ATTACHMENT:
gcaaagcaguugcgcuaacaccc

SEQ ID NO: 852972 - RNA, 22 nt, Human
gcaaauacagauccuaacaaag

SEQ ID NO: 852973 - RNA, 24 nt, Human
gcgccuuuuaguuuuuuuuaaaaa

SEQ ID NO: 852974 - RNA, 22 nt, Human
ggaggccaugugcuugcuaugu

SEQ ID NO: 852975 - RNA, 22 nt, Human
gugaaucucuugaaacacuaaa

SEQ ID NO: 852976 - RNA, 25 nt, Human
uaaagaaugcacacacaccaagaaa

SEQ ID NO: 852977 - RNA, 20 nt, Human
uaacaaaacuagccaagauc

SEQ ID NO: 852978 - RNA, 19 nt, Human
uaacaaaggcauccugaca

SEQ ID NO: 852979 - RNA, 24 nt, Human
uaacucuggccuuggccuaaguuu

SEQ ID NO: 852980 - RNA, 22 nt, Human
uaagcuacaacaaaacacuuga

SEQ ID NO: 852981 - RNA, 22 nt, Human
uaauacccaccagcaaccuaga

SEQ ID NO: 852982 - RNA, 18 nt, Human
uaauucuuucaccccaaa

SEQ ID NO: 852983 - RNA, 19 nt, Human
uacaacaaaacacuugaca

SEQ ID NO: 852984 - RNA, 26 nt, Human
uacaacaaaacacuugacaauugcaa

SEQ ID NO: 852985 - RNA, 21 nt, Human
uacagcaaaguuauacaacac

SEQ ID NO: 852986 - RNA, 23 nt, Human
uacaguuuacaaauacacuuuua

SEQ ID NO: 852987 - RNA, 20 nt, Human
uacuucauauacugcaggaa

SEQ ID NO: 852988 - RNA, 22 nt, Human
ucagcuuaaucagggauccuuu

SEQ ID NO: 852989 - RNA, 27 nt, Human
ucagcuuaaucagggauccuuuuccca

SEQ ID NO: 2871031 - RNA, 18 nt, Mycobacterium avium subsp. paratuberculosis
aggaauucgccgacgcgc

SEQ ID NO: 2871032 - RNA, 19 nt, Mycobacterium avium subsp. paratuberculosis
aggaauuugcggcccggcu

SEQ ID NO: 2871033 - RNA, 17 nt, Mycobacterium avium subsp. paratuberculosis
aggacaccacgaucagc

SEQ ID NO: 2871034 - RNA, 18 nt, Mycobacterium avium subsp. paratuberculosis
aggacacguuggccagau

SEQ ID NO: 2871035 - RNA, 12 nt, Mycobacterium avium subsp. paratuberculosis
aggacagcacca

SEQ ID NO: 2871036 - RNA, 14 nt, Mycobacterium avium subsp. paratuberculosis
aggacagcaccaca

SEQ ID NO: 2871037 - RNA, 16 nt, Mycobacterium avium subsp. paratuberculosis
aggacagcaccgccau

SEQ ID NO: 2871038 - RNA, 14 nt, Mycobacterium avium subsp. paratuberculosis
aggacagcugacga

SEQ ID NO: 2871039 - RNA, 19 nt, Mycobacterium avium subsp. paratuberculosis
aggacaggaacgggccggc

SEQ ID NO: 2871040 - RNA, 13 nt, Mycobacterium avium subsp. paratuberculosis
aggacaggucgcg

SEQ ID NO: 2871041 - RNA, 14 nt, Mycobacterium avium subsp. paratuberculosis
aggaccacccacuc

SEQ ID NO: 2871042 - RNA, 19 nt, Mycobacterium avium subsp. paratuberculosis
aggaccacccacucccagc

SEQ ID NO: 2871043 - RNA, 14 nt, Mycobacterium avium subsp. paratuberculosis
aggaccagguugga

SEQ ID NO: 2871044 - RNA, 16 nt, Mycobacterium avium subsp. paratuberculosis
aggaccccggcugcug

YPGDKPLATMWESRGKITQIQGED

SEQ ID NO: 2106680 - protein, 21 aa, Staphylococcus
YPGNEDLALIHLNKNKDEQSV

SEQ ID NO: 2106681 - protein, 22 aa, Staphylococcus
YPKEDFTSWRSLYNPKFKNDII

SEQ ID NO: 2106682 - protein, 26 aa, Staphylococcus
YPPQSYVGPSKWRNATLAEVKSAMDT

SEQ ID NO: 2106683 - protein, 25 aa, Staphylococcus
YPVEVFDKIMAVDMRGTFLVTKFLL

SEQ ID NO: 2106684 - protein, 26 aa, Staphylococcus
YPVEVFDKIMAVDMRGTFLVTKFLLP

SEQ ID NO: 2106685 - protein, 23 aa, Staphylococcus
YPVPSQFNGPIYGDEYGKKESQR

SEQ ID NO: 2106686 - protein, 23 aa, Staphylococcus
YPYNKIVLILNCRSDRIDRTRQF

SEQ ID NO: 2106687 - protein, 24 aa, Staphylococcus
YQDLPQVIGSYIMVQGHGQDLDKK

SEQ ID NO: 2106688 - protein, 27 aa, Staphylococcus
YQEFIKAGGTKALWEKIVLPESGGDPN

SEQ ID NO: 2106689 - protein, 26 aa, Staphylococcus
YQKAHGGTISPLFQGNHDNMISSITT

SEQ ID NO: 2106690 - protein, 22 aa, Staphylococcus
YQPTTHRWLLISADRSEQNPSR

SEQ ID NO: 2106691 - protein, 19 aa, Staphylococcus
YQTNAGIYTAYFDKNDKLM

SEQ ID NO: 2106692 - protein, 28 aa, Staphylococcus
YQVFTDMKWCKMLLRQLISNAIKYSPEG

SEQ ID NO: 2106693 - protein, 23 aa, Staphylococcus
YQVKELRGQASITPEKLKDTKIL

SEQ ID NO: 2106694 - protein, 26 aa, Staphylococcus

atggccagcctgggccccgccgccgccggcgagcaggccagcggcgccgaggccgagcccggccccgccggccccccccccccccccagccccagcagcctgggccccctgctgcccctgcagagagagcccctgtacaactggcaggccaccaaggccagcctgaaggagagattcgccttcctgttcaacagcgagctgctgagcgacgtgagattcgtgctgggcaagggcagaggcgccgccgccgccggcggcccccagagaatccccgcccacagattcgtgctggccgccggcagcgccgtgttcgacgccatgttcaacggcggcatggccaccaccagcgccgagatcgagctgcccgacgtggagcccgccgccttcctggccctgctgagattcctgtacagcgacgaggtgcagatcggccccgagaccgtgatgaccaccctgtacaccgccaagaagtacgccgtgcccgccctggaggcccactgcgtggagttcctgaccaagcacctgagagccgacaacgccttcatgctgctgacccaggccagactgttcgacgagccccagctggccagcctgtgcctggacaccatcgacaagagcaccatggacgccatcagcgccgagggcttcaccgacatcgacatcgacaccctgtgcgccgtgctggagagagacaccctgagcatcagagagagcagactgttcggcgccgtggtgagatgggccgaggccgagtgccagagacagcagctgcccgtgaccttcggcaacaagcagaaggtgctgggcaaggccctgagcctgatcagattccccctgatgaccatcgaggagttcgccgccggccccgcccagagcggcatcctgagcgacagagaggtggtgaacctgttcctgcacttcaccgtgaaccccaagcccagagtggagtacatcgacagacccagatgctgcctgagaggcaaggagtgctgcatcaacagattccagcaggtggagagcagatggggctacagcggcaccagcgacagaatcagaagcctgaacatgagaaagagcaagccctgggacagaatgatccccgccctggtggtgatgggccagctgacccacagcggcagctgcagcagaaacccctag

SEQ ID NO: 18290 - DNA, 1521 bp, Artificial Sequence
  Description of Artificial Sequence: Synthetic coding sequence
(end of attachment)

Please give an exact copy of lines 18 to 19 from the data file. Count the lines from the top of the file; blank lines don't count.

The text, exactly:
SEQ ID NO: 852980 - RNA, 22 nt, Human
uaagcuacaacaaaacacuuga